Volume 9, Number 1—January 2003
First Isolation of Rickettsia slovaca from a Patient, France
To the Editor: Rickettsia slovaca is a bacterium that infects Dermacentor marginatus ticks in central and western Europe. First detected in ticks, the bacterium was subsequently identified with genomic amplification by using polymerase chain reaction (PCR) followed by sequencing in a skin biopsy from a French patient (1). We describe the first isolation of the organism from a patient.
A 79-year-old woman from St. Etienne, France, found a tick on the parietal area of her scalp 6 days after she returned from a trip to rural southern Burgundy. The tick was removed and subsequently identified as an adult female D. marginatus tick. The patient saw a physician 1 day later for low-grade fever (38°C) and myalgia. She was given amoxicillin (3 g once a day), but the fever worsened. She was examined at University Hospital on September 24, 2001, 4 days later. At that time, the patient had a fever; the site of the tick bite showed a necrotic black lesion surrounded by an erythematous halo 4 cm in diameter. Right cervical lymphadenopathy and a papular rash consisting of 10 pink spots on the thorax and arms were observed. Routine blood tests were within normal ranges but asparate aminotransferase (53 IU; normal <45), creatine phosphokinases (140, normal <120), and lactate dehydrogenases (890, normal <620) were elevated. A skin biopsy from the patient’s scalp, serum, and the tick were sent to Marseille to test for possible rickettsial infection. The patient was treated with doxycycline (200 mg once a day, 15 d), and her condition improved. At a check-up 1 month later, she complained of fatigue and insomnia; 2 months later, she had recovered completely, although alopecia still appeared at the site of the tick bite.
R. slovaca was demonstrated in the tick and the biopsy by using PCR with primers derived from the citrate synthase and the rOmpA genes as previously reported (2). R. slovaca was found in human embryonic lung cells (2), 3 days after the cells were injected with the skin-biopsied material. Seroconversion, determined by indirect immunofluorescence, occurred with titers to both R. slovaca and R. conorii of <1/8 and 1/128 in acute- and convalescent-phase sera (sampled 2 months later), respectively.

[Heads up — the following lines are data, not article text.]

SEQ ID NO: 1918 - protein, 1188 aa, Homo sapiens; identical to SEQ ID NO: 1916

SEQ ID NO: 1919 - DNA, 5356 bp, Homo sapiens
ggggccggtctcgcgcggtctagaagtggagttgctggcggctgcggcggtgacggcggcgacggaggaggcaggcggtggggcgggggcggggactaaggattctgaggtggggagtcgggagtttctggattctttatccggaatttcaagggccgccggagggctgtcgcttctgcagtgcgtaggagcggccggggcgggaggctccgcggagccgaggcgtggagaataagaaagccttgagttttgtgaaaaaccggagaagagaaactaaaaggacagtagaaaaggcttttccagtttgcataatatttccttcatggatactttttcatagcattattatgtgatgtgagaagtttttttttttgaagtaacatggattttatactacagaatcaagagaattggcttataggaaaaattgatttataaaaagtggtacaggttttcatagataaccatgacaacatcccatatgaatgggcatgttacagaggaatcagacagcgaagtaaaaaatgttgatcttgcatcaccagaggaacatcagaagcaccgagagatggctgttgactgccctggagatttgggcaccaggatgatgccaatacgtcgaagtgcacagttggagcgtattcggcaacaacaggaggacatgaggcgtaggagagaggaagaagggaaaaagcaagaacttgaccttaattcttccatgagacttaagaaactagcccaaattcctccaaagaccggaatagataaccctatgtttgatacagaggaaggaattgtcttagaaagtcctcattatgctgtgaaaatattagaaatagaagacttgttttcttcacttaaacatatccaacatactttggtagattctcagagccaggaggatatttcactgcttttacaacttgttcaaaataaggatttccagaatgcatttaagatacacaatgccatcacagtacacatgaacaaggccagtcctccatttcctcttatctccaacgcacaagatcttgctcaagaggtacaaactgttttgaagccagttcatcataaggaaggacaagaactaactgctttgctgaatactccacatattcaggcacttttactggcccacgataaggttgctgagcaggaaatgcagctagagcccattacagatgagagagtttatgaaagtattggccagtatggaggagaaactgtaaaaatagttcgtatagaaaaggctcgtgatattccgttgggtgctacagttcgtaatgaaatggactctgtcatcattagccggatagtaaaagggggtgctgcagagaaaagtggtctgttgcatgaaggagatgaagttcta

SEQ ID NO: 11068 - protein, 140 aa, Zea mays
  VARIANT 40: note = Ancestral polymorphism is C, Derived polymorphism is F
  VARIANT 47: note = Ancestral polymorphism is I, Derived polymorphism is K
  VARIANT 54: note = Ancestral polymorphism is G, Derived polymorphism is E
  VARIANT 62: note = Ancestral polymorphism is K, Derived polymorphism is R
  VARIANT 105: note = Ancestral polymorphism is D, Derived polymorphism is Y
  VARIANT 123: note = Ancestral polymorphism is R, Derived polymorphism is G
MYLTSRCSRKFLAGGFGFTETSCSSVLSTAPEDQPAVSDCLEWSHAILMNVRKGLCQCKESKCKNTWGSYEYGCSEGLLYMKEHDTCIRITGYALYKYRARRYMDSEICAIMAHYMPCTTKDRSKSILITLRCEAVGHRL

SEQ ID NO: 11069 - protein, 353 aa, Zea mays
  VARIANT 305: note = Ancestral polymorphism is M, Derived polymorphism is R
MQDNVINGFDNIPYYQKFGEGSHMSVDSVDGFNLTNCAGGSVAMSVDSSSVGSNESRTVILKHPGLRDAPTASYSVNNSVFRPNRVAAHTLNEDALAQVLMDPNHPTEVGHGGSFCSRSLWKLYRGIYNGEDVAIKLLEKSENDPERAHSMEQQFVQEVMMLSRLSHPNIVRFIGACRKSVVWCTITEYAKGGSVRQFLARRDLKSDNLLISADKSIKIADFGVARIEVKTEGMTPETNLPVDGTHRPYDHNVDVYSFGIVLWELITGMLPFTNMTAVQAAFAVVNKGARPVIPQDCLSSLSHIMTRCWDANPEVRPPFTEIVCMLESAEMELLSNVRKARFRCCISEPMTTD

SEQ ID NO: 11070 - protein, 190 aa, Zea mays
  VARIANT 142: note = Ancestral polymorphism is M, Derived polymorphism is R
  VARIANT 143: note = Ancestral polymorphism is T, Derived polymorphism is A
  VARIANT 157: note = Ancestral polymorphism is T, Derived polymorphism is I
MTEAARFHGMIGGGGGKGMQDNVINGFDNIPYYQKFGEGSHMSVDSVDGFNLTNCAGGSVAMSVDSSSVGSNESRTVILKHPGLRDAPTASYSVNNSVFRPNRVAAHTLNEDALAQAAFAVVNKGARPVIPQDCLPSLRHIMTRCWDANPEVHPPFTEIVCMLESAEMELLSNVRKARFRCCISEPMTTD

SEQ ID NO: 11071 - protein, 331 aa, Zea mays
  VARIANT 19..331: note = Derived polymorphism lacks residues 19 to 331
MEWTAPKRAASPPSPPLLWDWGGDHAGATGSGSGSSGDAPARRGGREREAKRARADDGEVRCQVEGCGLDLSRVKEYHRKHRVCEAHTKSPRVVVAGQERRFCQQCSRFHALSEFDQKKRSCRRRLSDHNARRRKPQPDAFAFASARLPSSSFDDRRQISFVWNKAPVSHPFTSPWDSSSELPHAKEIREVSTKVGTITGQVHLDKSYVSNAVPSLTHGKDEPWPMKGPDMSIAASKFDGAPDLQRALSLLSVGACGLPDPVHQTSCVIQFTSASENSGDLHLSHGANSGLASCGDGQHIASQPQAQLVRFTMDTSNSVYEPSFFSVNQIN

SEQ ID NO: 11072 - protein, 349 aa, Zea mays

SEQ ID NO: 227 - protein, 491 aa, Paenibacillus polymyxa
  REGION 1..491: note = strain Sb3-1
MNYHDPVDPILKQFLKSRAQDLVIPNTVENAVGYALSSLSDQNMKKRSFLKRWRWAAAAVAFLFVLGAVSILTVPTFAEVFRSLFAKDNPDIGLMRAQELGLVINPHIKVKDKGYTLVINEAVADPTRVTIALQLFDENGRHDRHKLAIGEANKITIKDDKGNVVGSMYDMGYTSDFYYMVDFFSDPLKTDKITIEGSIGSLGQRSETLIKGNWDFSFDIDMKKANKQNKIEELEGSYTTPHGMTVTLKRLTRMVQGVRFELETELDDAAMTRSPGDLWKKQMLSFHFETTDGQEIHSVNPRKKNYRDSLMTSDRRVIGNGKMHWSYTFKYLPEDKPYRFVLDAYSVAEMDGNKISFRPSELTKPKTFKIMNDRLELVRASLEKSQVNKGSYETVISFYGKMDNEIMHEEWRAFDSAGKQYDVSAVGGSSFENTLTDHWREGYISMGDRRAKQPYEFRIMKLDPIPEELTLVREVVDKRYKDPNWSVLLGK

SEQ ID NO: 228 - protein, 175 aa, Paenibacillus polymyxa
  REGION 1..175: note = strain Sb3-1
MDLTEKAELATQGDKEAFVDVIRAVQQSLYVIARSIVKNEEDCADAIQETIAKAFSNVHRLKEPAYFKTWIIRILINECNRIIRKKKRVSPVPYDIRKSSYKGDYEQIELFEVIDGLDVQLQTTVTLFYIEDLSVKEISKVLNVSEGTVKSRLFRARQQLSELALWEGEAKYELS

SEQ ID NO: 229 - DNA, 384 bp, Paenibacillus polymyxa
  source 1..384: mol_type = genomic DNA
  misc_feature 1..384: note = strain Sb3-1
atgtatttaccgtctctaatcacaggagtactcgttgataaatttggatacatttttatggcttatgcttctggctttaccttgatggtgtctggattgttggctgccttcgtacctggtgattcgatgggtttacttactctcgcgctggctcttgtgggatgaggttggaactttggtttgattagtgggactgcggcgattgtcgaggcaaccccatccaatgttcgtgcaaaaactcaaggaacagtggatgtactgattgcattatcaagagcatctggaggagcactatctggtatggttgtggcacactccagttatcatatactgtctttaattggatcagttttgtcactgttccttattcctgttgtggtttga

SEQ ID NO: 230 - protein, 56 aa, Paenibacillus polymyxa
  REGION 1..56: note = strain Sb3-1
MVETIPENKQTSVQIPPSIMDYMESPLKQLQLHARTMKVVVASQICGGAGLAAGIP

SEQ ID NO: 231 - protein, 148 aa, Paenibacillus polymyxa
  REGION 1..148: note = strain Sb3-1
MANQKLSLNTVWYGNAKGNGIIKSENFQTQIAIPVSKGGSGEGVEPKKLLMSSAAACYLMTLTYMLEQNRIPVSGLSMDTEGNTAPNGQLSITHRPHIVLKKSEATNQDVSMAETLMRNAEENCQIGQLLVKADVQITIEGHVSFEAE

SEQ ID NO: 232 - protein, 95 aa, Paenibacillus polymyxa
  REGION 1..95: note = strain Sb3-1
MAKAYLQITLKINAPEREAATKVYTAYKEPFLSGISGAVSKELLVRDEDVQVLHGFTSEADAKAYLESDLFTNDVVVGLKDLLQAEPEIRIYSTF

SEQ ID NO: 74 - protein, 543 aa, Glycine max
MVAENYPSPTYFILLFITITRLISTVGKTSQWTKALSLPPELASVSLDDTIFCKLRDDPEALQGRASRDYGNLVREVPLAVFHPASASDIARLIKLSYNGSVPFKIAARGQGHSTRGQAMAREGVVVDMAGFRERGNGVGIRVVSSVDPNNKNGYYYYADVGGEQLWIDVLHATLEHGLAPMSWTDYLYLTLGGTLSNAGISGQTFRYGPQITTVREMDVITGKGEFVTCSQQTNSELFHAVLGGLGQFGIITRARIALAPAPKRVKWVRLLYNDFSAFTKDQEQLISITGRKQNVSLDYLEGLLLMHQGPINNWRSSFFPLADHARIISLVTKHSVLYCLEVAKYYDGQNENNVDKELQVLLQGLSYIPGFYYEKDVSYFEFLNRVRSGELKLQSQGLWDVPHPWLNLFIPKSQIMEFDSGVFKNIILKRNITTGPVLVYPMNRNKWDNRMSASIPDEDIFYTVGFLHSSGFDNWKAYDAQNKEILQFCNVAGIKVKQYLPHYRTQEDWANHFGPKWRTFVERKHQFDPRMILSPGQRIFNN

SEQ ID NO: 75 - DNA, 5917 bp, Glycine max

R. slovaca, first identified in dermacentor ticks from Slovakia, has subsequently been found in both D. marginatus and D. reticulatus in France, Switzerland, Portugal, Spain, Armenia, and Germany (3). Since the first human infections with R. slovaca were reported, patients with similar clinical signs have been observed in France and Hungary (4). Some of these cases have been confirmed by PCR and others by serology (3), although serologic titers are frequently low and show cross-reactions with other Rickettsiae. We have described the isolation of R. slovaca from a patient, which provides the first definitive evidence that R. slovaca is a human pathogen. Clinical signs of infection consist of a skin lesion at the site of a tick bite on the scalp (often a dermacentor tick) and regional lymphadenopathy that may be painful. Fever and rash develop subsequently, and the acute disease can be followed by fatigue and residual alopecia at the bite site. The disease may be prevalent within the distribution range of D. marginatus and D. reticulatis in southern, western, and central Europe. This new spotted rickettsiosis should be added to the list of recognized rickettsial diseases, mainly those caused by R. africae (5), R. felis (6) and R. mongolotimonae (7,8).
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Comments to the Authors
West Nile Virus RNA
in Tissues from Donor
Transmission to Organ